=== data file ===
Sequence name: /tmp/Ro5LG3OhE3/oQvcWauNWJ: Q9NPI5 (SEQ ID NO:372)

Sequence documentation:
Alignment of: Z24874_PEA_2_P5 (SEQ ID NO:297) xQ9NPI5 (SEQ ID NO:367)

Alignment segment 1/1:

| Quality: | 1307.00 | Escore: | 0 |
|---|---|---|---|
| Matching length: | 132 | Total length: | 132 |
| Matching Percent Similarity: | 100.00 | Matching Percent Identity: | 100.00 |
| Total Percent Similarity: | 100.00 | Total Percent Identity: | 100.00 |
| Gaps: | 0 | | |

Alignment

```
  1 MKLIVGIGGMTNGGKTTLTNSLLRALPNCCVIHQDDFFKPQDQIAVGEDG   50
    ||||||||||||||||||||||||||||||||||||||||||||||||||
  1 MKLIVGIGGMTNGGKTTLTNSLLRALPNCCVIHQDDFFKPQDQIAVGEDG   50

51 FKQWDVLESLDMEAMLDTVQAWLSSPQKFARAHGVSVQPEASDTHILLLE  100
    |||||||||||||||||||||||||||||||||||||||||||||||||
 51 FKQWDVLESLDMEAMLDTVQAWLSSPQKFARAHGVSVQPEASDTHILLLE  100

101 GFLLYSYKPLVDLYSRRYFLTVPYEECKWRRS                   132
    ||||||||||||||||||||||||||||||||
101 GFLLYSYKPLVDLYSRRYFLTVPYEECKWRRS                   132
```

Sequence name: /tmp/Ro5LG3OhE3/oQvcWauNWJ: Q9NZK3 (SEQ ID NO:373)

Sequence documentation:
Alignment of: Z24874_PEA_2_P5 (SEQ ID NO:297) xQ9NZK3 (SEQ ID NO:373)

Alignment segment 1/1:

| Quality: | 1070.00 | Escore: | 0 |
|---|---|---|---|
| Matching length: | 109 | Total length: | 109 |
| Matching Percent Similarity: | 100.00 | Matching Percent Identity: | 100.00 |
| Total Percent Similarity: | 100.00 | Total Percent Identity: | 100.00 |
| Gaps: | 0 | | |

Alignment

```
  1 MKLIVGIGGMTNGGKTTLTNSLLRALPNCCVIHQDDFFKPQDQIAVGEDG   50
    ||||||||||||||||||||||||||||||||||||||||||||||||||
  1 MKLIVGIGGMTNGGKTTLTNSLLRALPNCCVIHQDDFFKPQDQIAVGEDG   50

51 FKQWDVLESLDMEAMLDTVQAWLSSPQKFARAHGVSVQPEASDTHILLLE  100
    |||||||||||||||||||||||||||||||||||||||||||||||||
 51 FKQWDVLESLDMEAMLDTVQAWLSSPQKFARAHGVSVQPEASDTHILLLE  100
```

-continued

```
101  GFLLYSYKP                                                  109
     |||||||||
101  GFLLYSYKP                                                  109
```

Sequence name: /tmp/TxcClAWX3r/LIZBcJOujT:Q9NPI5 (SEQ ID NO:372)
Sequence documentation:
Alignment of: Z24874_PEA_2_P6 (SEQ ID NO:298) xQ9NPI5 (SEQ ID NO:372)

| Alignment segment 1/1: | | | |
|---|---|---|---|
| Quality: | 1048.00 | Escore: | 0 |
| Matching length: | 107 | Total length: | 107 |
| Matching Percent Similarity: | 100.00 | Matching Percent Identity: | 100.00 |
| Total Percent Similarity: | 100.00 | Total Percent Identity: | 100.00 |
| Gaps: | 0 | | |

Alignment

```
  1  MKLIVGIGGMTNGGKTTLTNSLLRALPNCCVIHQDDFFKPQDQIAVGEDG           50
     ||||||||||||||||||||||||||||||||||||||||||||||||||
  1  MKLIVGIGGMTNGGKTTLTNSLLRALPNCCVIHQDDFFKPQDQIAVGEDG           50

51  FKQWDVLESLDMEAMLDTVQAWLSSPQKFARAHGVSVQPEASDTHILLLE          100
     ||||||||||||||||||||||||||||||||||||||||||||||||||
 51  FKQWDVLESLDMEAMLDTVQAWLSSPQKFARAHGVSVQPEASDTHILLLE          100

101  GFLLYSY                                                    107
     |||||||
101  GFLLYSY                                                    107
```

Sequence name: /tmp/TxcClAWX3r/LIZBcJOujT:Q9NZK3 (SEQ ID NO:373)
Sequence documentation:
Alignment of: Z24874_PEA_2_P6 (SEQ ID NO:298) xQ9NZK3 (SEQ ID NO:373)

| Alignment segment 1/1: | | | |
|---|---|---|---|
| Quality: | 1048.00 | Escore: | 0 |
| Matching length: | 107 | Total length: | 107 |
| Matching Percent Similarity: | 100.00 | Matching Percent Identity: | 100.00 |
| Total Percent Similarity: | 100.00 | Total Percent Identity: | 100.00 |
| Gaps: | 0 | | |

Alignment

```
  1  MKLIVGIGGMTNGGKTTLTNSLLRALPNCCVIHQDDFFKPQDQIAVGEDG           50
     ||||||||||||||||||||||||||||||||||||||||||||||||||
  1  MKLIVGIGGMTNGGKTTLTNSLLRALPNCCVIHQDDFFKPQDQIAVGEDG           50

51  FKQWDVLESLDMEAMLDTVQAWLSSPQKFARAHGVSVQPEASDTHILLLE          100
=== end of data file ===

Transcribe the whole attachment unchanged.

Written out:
Sequence name: /tmp/Ro5LG3OhE3/oQvcWauNWJ: Q9NPI5 (SEQ ID NO:372)

Sequence documentation:
Alignment of: Z24874_PEA_2_P5 (SEQ ID NO:297) xQ9NPI5 (SEQ ID NO:367)

Alignment segment 1/1:

| Quality: | 1307.00 | Escore: | 0 |
|---|---|---|---|
| Matching length: | 132 | Total length: | 132 |
| Matching Percent Similarity: | 100.00 | Matching Percent Identity: | 100.00 |
| Total Percent Similarity: | 100.00 | Total Percent Identity: | 100.00 |
| Gaps: | 0 | | |

Alignment

```
  1 MKLIVGIGGMTNGGKTTLTNSLLRALPNCCVIHQDDFFKPQDQIAVGEDG   50
    ||||||||||||||||||||||||||||||||||||||||||||||||||
  1 MKLIVGIGGMTNGGKTTLTNSLLRALPNCCVIHQDDFFKPQDQIAVGEDG   50

51 FKQWDVLESLDMEAMLDTVQAWLSSPQKFARAHGVSVQPEASDTHILLLE  100
    |||||||||||||||||||||||||||||||||||||||||||||||||
 51 FKQWDVLESLDMEAMLDTVQAWLSSPQKFARAHGVSVQPEASDTHILLLE  100

101 GFLLYSYKPLVDLYSRRYFLTVPYEECKWRRS                   132
    ||||||||||||||||||||||||||||||||
101 GFLLYSYKPLVDLYSRRYFLTVPYEECKWRRS                   132
```

Sequence name: /tmp/Ro5LG3OhE3/oQvcWauNWJ: Q9NZK3 (SEQ ID NO:373)

Sequence documentation:
Alignment of: Z24874_PEA_2_P5 (SEQ ID NO:297) xQ9NZK3 (SEQ ID NO:373)

Alignment segment 1/1:

| Quality: | 1070.00 | Escore: | 0 |
|---|---|---|---|
| Matching length: | 109 | Total length: | 109 |
| Matching Percent Similarity: | 100.00 | Matching Percent Identity: | 100.00 |
| Total Percent Similarity: | 100.00 | Total Percent Identity: | 100.00 |
| Gaps: | 0 | | |

Alignment

```
  1 MKLIVGIGGMTNGGKTTLTNSLLRALPNCCVIHQDDFFKPQDQIAVGEDG   50
    ||||||||||||||||||||||||||||||||||||||||||||||||||
  1 MKLIVGIGGMTNGGKTTLTNSLLRALPNCCVIHQDDFFKPQDQIAVGEDG   50

51 FKQWDVLESLDMEAMLDTVQAWLSSPQKFARAHGVSVQPEASDTHILLLE  100
    |||||||||||||||||||||||||||||||||||||||||||||||||
 51 FKQWDVLESLDMEAMLDTVQAWLSSPQKFARAHGVSVQPEASDTHILLLE  100
```

-continued

```
101  GFLLYSYKP                                                  109
     |||||||||
101  GFLLYSYKP                                                  109
```

Sequence name: /tmp/TxcClAWX3r/LIZBcJOujT:Q9NPI5 (SEQ ID NO:372)
Sequence documentation:
Alignment of: Z24874_PEA_2_P6 (SEQ ID NO:298) xQ9NPI5 (SEQ ID NO:372)

| Alignment segment 1/1: | | | |
|---|---|---|---|
| Quality: | 1048.00 | Escore: | 0 |
| Matching length: | 107 | Total length: | 107 |
| Matching Percent Similarity: | 100.00 | Matching Percent Identity: | 100.00 |
| Total Percent Similarity: | 100.00 | Total Percent Identity: | 100.00 |
| Gaps: | 0 | | |

Alignment

```
  1  MKLIVGIGGMTNGGKTTLTNSLLRALPNCCVIHQDDFFKPQDQIAVGEDG           50
     ||||||||||||||||||||||||||||||||||||||||||||||||||
  1  MKLIVGIGGMTNGGKTTLTNSLLRALPNCCVIHQDDFFKPQDQIAVGEDG           50

51  FKQWDVLESLDMEAMLDTVQAWLSSPQKFARAHGVSVQPEASDTHILLLE          100
     ||||||||||||||||||||||||||||||||||||||||||||||||||
 51  FKQWDVLESLDMEAMLDTVQAWLSSPQKFARAHGVSVQPEASDTHILLLE          100

101  GFLLYSY                                                    107
     |||||||
101  GFLLYSY                                                    107
```

Sequence name: /tmp/TxcClAWX3r/LIZBcJOujT:Q9NZK3 (SEQ ID NO:373)
Sequence documentation:
Alignment of: Z24874_PEA_2_P6 (SEQ ID NO:298) xQ9NZK3 (SEQ ID NO:373)

| Alignment segment 1/1: | | | |
|---|---|---|---|
| Quality: | 1048.00 | Escore: | 0 |
| Matching length: | 107 | Total length: | 107 |
| Matching Percent Similarity: | 100.00 | Matching Percent Identity: | 100.00 |
| Total Percent Similarity: | 100.00 | Total Percent Identity: | 100.00 |
| Gaps: | 0 | | |

Alignment

```
  1  MKLIVGIGGMTNGGKTTLTNSLLRALPNCCVIHQDDFFKPQDQIAVGEDG           50
     ||||||||||||||||||||||||||||||||||||||||||||||||||
  1  MKLIVGIGGMTNGGKTTLTNSLLRALPNCCVIHQDDFFKPQDQIAVGEDG           50

51  FKQWDVLESLDMEAMLDTVQAWLSSPQKFARAHGVSVQPEASDTHILLLE          100